There was a story the night that Father packed
that Father told the sisters, dark and fair:
if they were very bad and a wind crossed
the moon when they were bad
it cast a spell.
This simply forced them to be very bad
and keep their eyes open.
First they ate: chocolates and dumplings,
plum cake, raisin cake, sugar and spice
cookies, plain cookies, unnamed pies,
until the Fair One sighed,
“I’m nothing but a Big Food.”
The Dark One sighed. It was the last sigh
of content. It was the sound
a balloon makes, letting out.
They were both round in fact, in fact
the neighbor children mistook them for balloons,
or else were being vicious. They took sticks
and rolled them up and down hills.
“Ouch!” the Dark One cried, uncomfortably.
The girls were not popular.
This made them sad. And being very sad
they got thin. “If we don’t eat,” they said,
and nodded wisely to each other.
“Eat! Eat!” their nursemaid shrieked
as if for her own life.
No use, they could have told her.
Their friends, the neighbor children, began to miss them.
They missed seeing them around the old neighborhood,
although the girls were there.
This was not much better,
having one’s toes stepped on.
This would not do, the Fair One said.
It was a time to run away; I could not say
who said it first.
They had to pack. They had to sit
on the suitcase, it was so fat
but they were weak and thin.
This would not do—even two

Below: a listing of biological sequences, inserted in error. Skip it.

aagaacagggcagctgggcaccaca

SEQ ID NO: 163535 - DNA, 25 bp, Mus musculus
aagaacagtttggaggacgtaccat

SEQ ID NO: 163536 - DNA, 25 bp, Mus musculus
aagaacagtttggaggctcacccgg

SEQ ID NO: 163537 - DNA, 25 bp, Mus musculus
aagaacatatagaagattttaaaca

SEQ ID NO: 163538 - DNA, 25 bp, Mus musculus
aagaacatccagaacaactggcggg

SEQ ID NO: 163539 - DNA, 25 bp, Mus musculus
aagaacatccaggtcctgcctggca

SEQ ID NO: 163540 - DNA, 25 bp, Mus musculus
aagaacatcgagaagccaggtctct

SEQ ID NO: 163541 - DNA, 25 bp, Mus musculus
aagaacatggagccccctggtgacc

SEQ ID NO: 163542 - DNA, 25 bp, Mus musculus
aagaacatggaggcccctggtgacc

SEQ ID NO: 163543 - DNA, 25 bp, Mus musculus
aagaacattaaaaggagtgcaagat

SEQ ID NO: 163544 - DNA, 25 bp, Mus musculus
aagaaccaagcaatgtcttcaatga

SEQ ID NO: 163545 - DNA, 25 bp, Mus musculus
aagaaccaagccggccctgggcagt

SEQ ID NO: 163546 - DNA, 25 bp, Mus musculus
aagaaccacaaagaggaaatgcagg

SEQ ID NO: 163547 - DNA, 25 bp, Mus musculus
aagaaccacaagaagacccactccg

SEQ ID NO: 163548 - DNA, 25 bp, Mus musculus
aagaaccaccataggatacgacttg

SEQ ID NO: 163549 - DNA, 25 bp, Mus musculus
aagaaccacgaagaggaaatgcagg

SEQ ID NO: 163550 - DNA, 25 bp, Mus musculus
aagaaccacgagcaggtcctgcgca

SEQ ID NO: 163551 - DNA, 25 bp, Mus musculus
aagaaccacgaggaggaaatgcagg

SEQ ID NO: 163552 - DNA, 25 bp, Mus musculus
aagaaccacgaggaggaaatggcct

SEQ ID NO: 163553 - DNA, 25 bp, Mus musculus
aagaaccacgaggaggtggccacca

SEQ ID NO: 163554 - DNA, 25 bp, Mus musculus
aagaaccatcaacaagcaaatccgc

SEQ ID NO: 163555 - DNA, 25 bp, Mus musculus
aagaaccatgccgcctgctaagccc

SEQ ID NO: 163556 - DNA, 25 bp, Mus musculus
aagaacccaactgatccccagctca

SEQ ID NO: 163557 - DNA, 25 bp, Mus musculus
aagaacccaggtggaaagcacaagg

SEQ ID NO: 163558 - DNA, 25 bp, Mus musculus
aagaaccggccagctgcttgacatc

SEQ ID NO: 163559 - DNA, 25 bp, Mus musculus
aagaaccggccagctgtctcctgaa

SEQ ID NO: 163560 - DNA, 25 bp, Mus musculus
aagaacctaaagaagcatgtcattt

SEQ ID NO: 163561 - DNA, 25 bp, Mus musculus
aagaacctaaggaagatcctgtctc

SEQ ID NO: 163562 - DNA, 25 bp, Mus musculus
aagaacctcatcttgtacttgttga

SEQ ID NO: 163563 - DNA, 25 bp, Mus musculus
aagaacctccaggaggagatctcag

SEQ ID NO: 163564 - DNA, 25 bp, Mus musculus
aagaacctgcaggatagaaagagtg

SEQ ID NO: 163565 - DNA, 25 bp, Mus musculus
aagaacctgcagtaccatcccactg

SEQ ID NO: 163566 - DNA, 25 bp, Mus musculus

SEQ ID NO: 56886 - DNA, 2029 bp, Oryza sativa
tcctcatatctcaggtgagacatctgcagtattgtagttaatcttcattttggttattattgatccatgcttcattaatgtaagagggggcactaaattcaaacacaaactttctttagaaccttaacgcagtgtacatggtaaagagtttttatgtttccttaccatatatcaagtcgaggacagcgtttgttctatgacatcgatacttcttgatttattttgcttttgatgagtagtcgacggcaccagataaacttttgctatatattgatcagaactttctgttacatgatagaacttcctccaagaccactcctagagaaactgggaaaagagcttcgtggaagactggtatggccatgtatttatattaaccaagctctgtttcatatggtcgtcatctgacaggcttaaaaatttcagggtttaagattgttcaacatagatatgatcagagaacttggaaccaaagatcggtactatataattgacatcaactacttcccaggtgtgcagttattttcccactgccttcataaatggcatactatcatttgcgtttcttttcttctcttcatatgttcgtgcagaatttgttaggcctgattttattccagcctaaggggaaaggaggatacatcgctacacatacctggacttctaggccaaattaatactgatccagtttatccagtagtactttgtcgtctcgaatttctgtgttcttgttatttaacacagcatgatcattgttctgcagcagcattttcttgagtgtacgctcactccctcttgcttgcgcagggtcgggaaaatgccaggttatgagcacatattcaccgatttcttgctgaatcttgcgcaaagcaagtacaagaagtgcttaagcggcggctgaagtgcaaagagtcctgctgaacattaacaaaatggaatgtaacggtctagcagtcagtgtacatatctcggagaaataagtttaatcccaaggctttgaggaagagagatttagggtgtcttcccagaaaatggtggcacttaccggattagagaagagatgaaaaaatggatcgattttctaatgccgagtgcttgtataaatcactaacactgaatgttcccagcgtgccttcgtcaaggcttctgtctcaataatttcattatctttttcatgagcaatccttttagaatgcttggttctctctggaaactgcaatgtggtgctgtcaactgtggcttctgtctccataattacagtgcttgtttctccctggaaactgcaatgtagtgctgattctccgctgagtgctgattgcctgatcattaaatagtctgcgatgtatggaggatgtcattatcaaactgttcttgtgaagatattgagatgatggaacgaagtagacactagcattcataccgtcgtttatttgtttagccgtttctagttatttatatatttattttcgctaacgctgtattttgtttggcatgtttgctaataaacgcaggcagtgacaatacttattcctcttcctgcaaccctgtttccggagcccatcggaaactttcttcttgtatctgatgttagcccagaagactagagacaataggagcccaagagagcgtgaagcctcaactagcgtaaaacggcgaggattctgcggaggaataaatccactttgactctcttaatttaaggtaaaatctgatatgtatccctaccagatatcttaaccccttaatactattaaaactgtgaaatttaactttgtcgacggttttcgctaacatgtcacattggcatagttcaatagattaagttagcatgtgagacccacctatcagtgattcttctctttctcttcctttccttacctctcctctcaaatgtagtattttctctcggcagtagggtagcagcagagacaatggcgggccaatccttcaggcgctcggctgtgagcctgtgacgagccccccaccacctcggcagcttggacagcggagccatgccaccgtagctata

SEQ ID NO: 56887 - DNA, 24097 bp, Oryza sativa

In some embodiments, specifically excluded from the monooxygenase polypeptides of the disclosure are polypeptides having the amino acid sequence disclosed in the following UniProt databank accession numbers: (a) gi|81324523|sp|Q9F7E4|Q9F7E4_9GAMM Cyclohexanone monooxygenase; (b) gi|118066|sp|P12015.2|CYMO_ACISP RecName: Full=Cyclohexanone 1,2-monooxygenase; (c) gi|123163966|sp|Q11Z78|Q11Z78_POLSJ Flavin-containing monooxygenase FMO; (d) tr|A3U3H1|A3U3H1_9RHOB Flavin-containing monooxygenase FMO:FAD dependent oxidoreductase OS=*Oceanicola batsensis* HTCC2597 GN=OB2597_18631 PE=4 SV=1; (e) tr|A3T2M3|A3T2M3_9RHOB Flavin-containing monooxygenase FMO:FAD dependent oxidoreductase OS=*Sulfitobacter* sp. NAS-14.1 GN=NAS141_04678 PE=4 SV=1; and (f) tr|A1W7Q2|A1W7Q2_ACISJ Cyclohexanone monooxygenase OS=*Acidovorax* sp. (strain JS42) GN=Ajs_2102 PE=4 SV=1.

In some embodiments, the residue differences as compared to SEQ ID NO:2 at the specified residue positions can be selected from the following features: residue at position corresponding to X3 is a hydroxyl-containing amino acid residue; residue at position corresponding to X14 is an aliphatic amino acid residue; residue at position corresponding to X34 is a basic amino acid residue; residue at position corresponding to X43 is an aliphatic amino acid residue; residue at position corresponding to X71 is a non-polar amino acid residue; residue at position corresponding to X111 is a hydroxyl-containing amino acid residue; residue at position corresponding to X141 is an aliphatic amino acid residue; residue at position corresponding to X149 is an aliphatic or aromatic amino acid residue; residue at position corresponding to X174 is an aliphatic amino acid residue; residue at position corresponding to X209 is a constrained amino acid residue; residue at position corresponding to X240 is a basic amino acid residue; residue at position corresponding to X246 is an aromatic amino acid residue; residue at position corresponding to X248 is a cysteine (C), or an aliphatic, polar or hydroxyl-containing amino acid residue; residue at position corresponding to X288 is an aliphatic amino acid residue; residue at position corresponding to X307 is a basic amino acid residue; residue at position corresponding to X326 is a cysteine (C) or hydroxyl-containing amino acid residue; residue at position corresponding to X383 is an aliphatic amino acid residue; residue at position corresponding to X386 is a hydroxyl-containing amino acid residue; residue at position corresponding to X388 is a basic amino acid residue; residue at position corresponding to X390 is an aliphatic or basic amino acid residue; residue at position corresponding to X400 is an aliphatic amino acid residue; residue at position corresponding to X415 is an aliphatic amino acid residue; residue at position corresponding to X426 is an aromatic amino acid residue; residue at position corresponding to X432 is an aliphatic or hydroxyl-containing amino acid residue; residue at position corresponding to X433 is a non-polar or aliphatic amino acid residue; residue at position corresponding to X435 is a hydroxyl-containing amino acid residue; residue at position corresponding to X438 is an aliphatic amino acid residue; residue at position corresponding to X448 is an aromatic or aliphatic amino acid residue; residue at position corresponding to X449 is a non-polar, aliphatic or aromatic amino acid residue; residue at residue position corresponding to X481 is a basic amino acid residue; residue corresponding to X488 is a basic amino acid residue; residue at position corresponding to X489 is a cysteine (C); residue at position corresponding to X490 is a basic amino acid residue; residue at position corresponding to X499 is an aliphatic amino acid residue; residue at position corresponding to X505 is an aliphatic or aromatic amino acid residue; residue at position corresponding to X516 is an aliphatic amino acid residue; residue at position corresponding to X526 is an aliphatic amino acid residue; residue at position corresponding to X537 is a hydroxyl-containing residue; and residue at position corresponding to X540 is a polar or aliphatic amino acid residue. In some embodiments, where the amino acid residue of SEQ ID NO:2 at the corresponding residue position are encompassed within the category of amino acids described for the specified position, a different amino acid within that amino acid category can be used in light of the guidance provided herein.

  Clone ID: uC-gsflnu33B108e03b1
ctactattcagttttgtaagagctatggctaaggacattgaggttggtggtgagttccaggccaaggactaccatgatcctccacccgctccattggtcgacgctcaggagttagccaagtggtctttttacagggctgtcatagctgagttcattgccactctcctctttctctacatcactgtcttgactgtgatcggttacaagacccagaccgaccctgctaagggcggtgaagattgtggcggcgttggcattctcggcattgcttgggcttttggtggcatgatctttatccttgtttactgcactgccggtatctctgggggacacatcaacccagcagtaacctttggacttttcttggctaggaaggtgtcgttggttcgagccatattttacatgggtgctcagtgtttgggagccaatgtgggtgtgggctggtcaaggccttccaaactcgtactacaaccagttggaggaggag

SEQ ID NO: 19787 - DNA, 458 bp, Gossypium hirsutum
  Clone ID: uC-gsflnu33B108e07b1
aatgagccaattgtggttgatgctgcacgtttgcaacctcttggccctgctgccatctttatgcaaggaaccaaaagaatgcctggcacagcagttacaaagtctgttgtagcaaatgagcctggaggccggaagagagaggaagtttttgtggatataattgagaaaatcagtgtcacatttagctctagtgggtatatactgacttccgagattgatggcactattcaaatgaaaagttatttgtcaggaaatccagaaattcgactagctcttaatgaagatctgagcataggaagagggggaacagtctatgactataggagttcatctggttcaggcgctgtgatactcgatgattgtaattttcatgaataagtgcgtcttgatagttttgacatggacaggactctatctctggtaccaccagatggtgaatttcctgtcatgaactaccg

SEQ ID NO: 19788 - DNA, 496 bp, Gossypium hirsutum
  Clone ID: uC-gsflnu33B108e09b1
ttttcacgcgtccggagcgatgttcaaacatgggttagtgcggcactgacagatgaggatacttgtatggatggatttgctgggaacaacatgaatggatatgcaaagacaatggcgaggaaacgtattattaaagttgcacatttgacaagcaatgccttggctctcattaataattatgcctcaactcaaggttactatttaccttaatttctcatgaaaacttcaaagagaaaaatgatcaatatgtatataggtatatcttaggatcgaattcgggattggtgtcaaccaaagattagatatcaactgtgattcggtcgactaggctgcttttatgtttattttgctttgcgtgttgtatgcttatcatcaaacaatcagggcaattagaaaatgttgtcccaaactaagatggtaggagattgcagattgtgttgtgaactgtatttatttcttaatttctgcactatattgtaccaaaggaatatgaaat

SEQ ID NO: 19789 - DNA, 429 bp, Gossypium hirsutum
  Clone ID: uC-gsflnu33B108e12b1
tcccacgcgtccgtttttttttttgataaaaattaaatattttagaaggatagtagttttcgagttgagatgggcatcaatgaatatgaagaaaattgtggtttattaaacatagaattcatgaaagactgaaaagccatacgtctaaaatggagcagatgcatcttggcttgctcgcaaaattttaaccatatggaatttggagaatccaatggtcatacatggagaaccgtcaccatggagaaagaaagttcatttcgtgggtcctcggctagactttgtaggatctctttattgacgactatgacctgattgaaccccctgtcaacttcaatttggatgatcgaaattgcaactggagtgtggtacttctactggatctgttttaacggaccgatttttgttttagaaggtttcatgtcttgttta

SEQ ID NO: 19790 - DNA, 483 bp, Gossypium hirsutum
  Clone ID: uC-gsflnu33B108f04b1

pencils cannot carry
a suitcase over the world.
The only ones who do not have to pack
So they went to see the witch
who lived at the edge of the neighborhood.
She stuck her crooked face out the door
and sniffed: “Shoo! Shoo!”
They echoed this and circled on their toes
to a count of ten.
The Fair One heard the dark
sister’s voice get hoarse.
“You’ve caught cold,” she warned, but her own words
snuffled and woofed in her throat.
The night rose around them like a flower. . .
their noses knew
what they had never known.
The Dark Girl felt her thighs start
as if the moon pulled at them for music.
She leapt. The night light flared
in the pale hairs of her flank.
“You’re beautiful!” the Fair One told the Dark.
And she saw she was too.
How they trampled the neighborhood!
The crushed grass under their paws
released its wild, sweet smells.
Their tails flattened a wake in the matted kudzu.
The wind nuzzled them in fields of fur.
Back and forth the tree frogs swung on their hinge
as if the night were a porch to a deeper night.
If only they had run away with dawn!
If only Mrs. Brown
had not put down her coffee cup
and Mr. Brown the news
and stared like children from the kitchen window
at their clothesline and the underwear in trees
and called the man who waved his silly net.
What Father said, I think, need not be said;
long ago the girls had wisely learned
when to keep out of his way. But it is said
that he takes Mother to the zoo on Sundays
with the new children. Mother says, “Now dear,”
when Father loses his hat to the blowaway wind
and the babies chase it shrieking down the hill.
Father tries to be good. He stands at the cage
watching the marsupials and murmurs,
“I wonder.” If the girls know how to get home
they’re not saying or they haven’t tried
or else they’ve tried.
Their best friends are the Chinese bears next door;
they share brown chips from a bag labelled Omnivore.